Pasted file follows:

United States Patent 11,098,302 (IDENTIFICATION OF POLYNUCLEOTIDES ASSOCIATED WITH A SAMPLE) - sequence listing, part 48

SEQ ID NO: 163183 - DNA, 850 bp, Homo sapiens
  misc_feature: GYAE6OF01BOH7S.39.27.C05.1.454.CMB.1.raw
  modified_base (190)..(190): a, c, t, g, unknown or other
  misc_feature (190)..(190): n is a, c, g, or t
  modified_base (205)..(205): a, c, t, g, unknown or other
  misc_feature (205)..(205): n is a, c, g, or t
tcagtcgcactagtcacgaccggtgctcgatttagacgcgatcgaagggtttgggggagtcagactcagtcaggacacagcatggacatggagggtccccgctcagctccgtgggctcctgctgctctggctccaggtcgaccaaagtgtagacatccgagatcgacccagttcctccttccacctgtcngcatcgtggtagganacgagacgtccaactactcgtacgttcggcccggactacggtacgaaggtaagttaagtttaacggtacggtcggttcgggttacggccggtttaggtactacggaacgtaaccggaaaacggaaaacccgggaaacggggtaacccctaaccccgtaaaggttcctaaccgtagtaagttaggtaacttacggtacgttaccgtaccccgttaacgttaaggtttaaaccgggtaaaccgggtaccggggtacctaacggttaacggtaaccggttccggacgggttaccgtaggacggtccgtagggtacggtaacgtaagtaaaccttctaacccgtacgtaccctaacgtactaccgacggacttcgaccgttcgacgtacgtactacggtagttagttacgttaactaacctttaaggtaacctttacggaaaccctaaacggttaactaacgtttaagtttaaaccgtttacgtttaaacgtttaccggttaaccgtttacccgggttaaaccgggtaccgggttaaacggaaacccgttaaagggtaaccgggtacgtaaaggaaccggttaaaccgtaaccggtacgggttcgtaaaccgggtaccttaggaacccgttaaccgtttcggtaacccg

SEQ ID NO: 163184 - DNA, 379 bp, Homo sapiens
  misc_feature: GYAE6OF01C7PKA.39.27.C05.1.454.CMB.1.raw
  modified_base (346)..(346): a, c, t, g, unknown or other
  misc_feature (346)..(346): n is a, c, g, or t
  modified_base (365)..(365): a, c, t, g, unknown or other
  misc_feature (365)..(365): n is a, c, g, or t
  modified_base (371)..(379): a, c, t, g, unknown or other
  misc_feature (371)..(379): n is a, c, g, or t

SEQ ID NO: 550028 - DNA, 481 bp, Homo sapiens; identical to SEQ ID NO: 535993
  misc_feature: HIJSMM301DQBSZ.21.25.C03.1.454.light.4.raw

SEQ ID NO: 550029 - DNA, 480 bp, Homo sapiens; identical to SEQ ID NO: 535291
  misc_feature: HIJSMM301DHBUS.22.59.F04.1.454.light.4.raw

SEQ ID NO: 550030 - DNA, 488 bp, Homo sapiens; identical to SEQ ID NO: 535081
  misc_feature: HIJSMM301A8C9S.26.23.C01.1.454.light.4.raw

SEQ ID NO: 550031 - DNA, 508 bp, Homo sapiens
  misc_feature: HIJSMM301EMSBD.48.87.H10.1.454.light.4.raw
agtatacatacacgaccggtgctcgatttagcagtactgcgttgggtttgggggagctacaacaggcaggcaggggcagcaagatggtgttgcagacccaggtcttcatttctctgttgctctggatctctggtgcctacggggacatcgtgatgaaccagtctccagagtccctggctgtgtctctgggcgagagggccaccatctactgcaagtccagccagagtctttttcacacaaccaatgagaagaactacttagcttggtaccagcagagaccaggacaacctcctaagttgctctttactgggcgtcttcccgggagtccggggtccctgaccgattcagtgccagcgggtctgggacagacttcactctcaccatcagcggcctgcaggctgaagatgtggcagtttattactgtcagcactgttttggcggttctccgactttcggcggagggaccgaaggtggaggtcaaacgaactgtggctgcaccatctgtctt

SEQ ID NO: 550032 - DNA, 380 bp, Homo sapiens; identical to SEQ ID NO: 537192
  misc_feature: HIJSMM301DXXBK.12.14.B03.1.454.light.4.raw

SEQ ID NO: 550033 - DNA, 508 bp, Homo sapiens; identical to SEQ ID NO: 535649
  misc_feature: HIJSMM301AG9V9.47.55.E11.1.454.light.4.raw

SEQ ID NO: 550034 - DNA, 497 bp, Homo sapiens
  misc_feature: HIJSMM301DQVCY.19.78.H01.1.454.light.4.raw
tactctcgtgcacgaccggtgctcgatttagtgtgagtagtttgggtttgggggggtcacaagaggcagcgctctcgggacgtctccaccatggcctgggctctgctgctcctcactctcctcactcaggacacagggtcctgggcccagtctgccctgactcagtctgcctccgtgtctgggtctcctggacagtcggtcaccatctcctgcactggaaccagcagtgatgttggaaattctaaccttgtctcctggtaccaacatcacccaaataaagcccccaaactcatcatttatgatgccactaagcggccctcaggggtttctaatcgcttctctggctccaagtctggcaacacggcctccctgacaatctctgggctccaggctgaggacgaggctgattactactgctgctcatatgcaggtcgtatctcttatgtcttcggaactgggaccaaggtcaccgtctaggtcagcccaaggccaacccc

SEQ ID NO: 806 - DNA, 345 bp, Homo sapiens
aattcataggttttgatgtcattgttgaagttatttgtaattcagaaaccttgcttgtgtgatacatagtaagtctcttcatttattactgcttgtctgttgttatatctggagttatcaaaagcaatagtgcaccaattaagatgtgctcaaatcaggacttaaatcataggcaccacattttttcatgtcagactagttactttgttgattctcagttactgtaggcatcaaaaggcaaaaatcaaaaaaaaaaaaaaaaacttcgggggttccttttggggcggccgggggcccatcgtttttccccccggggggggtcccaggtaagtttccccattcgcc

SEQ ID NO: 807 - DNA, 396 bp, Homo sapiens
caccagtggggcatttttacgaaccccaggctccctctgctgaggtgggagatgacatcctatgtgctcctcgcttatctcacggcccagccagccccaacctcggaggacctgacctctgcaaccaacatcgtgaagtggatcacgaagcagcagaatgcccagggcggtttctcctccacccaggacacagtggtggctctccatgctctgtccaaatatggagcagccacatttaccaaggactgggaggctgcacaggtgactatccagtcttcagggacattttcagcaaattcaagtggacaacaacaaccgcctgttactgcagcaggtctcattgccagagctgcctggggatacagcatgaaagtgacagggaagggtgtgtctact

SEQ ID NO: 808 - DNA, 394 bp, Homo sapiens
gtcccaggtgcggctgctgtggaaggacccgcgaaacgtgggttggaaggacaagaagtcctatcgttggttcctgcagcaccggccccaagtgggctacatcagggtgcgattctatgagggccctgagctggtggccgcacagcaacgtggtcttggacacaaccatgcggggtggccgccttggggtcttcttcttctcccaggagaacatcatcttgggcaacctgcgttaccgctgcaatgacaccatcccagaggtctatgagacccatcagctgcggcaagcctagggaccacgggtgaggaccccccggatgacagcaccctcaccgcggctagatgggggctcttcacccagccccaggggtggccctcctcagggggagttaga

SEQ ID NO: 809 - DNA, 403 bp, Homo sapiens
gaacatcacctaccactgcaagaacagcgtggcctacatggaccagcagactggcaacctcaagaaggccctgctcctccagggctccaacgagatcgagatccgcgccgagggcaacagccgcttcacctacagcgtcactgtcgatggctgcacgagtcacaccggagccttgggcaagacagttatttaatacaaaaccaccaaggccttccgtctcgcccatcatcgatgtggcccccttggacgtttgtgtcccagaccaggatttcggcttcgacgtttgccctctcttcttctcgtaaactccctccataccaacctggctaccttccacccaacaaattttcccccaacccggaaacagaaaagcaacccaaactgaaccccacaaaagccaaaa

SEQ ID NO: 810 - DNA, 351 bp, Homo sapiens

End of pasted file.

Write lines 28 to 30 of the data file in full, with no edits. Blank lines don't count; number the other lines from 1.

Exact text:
SEQ ID NO: 550033 - DNA, 508 bp, Homo sapiens; identical to SEQ ID NO: 535649
  misc_feature: HIJSMM301AG9V9.47.55.E11.1.454.light.4.raw

SEQ ID NO: 550034 - DNA, 497 bp, Homo sapiens